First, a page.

At this point, there’s nothing especially novel about a movie simulating the first-person, subjective experience of dementia. If nothing else, the reality-shifting dementia narrative has been attempted at least twice on the television shows Castle Rock & BoJack Horseman in recent years, which indulged in the exercise for one-off episodes. It’s already become a genre template with its own firmly established rhythms & tropes, not much different than the stuck-at-the-airport or trapped-in-an-elevator episode templates of 90s sitcoms. What those immersive dementia narratives don’t have in their arsenal, though, is the acting talents of Sir Philip Anthony Hopkins CBE (no offense meant to Sissy Spacek or Wendie Malick, who anchored their aforementioned TV episodes capably). I don’t know if you’ve heard this before, but Anthony Hopkins is very talented. Get this: he even won an Oscar for Best Actor this year for his work in his own dementia-driven actor’s showcase, The Father (his first win since 1992’s Silence of the Lambs). And from the outside looking in, The Father looked like it was specifically designed for those kinds of Awards Season accolades, landing an already beloved, established actor enough highlight-reel worthy moments to look believably Oscar-worthy on a television broadcast. In practice, though, The Father gives Hopkins much more to do than to simply collect gold-plated statues in a late-career victory lap. It doesn’t reinvent the immersive-dementia-narrative template in any substantial, formalist way, but it does find a way to make it thunderously effective as an actor’s showcase, and Hopkins makes the most out of the opportunity in every single scene.
While Hopkins’s performance as the titular, increasingly demented father is the film’s centerpiece, much of the credit for that performance’s impact is owed to first-time director Florian Zeller. Adapting his own eponymous stage play for the screen, Zeller dutifully follows the standard tropes & rhythms of the immersive dementia narrative. We follow Hopkins through his subjective experience of place & time. The physical details of the apartment he occupies and the faces of his caregivers transform as he loses track of where & when he is in the labyrinth of his own mind. His nonlinear sense of reality prompts him to recall future events, while he also conveniently forgets past traumas in an endless loop of repeating, excruciating conversations. It’s a mildly surreal experience, but not an unfamiliar one if you’ve seen it done on TV before. What really distinguishes this example is the complexity and sudden stabs of cruelty in its stage play dialogue, all excellently performed (including supporting performances by other talented Brits like Olivia Coleman, Olivia Williams, and Imogen Poots). Watching Hopkins viciously tear down the few people in his life trying to help him cuts through the narrative’s familiarity like a dagger, especially since you never stop feeling for him even when he’s at his worst. His basic persona shifts just as much as his sense of reality & time. Within a single conversation, he’ll transform from an adorable flirt to a heartless monster, devastating the family members & nurses who’re struggling to care for him despite his stubborn pride & prickly demeanor.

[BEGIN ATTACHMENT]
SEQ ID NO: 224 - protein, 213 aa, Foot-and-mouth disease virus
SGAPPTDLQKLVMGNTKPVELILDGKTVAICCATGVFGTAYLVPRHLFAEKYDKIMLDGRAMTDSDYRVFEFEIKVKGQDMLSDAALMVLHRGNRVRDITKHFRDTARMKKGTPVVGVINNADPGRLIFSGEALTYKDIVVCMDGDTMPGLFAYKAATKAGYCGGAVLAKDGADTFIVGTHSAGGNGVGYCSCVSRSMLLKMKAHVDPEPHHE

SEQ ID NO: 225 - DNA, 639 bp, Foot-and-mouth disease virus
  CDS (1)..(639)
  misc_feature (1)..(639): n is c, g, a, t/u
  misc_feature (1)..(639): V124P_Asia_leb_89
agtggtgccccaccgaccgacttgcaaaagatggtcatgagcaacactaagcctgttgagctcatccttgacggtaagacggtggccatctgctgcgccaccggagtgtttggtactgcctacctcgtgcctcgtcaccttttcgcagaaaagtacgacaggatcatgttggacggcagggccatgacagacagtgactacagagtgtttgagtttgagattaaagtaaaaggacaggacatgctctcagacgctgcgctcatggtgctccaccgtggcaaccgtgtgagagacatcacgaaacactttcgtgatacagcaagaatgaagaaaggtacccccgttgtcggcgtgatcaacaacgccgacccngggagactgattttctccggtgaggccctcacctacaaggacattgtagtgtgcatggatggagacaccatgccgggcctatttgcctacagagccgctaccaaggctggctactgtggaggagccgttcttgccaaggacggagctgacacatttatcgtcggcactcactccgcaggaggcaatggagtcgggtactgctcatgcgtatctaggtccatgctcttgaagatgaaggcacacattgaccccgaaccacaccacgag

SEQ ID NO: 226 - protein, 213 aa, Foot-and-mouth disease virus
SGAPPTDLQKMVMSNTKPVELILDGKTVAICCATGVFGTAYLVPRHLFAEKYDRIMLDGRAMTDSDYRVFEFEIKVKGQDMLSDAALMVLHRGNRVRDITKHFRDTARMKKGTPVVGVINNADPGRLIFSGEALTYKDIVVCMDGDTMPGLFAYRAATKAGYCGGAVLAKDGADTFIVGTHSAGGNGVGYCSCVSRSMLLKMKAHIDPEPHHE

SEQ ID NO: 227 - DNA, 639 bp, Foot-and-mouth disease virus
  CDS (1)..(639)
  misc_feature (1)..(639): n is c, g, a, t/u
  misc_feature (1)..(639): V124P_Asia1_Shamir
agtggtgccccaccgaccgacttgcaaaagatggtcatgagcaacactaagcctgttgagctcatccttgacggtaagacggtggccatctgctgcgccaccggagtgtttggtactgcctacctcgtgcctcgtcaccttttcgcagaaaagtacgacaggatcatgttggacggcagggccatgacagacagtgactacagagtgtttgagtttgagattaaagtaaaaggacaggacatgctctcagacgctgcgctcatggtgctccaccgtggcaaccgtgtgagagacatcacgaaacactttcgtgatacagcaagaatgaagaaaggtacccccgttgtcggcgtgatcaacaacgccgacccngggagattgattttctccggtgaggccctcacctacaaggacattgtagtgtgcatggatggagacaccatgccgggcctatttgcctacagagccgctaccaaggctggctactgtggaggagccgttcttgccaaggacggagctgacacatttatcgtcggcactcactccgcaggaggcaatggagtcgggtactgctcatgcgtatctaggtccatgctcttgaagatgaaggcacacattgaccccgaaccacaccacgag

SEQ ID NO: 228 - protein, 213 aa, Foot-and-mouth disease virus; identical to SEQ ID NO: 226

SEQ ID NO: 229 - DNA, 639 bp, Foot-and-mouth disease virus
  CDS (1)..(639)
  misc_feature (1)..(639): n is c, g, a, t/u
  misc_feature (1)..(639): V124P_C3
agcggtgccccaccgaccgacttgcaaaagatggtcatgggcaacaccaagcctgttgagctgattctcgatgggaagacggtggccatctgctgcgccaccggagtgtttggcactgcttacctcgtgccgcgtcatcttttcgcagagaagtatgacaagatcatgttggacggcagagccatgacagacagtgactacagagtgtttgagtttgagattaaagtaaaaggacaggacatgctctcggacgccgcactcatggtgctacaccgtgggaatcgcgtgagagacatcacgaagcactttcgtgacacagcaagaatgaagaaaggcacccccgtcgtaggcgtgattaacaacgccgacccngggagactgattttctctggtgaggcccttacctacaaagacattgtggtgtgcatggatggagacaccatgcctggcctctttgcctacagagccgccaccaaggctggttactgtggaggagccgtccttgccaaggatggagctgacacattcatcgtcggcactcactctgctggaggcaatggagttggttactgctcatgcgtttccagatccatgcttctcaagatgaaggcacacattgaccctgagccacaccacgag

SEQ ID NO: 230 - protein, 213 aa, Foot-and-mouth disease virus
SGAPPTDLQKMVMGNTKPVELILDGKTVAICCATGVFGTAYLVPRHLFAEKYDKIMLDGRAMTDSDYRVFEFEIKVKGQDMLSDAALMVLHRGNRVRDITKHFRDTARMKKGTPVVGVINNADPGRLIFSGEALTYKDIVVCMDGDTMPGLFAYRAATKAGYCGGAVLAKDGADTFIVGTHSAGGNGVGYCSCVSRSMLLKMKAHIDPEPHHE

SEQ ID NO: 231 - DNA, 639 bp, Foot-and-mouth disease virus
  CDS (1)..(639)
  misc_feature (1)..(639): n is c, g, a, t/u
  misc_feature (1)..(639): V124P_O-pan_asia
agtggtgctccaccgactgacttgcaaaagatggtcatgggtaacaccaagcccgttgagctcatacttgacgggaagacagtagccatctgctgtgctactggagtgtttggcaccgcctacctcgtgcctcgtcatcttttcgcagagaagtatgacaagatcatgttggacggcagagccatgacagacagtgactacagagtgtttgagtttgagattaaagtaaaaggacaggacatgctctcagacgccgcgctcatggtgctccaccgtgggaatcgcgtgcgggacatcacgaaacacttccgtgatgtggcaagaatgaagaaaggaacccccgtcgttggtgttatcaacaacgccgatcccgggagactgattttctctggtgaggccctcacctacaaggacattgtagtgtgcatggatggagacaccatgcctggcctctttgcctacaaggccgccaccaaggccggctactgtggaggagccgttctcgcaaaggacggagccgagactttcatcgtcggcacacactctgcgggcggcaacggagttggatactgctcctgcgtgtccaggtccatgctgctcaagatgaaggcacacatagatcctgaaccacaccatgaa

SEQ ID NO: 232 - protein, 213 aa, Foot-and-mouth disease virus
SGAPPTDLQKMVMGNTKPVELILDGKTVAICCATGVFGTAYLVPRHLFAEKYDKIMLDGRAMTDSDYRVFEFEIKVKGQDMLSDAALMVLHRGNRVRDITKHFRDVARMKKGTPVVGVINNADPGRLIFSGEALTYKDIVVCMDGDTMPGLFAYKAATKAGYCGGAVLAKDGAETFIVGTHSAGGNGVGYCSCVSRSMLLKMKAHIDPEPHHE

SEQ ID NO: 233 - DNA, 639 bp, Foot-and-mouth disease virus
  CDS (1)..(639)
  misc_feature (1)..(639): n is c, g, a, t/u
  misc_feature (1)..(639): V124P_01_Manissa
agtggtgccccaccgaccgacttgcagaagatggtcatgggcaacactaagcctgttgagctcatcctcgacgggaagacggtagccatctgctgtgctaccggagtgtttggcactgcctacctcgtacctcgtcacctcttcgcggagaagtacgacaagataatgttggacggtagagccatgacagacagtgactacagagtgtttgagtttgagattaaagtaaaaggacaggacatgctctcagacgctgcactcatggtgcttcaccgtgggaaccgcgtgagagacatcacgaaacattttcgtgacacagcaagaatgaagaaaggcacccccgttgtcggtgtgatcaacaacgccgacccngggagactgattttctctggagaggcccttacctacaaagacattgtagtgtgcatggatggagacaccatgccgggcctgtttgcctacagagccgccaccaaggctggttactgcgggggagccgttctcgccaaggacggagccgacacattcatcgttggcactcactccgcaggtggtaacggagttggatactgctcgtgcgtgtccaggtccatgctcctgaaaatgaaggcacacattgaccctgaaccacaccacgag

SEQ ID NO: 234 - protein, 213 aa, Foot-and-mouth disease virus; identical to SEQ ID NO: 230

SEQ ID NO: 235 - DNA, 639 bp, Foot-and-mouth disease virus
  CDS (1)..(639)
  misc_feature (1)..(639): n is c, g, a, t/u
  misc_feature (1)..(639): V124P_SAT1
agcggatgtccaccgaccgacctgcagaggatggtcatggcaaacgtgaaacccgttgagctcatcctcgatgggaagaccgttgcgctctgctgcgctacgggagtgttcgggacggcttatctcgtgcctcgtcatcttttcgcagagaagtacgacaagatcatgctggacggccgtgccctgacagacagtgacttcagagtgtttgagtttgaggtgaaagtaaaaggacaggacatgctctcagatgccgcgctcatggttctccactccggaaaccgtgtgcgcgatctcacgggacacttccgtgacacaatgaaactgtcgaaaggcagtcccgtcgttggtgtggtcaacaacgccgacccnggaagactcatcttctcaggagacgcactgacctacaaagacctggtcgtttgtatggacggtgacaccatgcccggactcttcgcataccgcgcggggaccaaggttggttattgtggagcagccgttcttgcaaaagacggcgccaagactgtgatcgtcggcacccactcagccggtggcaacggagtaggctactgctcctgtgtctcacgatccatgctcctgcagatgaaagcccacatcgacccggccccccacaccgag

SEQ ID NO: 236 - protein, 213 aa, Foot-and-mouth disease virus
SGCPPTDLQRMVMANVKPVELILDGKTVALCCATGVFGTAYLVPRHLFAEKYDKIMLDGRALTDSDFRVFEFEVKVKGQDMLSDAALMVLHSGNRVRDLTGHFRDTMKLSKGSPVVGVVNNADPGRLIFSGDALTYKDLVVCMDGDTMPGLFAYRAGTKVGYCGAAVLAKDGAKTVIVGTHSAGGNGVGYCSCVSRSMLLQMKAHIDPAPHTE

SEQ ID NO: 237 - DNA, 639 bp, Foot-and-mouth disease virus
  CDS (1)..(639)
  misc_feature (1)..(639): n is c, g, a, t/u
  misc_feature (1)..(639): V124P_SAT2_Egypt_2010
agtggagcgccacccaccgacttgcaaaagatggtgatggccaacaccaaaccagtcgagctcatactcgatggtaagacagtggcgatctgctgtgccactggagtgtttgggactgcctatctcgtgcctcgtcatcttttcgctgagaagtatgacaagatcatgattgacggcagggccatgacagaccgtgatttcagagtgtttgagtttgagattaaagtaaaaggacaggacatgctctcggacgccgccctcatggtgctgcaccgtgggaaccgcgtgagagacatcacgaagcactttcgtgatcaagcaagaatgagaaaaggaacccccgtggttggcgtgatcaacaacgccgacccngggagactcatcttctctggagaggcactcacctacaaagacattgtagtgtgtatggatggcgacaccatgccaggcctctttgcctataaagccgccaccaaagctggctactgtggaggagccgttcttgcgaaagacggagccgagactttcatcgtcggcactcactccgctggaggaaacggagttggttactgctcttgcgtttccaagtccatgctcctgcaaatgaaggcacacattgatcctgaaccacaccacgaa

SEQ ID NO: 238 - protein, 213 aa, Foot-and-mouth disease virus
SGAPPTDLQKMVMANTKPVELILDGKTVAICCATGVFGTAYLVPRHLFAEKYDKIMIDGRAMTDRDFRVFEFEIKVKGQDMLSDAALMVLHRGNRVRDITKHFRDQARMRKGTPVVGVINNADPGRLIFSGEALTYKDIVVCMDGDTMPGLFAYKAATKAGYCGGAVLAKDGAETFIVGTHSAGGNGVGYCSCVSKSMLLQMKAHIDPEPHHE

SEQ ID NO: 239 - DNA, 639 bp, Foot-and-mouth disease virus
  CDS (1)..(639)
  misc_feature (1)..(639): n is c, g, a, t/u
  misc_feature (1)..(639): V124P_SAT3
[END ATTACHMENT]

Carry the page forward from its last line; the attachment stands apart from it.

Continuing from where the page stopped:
Sometimes Hopkins is deeply befuddled, his mind visibly buffering to reorganize the details of his environment until they make sense. Sometimes he’s scarily sharp, psychologically eviscerating his loved ones with a throwback Hannibal Lecter sense of caustic wit. That alternation between vulnerability and cruelty feels directly tied to stage play writing, recalling the tender-vicious turns of dialogue in works by Edward Albee, August Wilson, or Tracy Letts. This movie earned a lot of attention for the subtle shifts in its set design and the surrealism of its demented reality. Its real strengths are much simpler and even more familiar than its immersive dementia narrative, though. It’s most impactful for providing an astonishingly talented actor with complexly written dialogue and setting him loose on the stage. Unfortunately, time is linear, so it’s likely we won’t see many more virtuoso performances from Hopkins as the years march on, much less any of this high caliber. His Oscar win was mildly controversial due to this year’s messy, Soderberghian Oscar ceremony billboarding a tribute to Chadwick Boseman that never came together. That might’ve made for an embarrassing television broadcast and a major disappointment to Boseman’s most ardent mourners, but at least the work that was rewarded instead of Boseman’s stands out as something substantially, recognizably great. If Boseman’s nomination had been upstaged by Gary Oldman for Mank or Rami Malek for Bohemian Rhapsody there’d be a lot more to be angry about.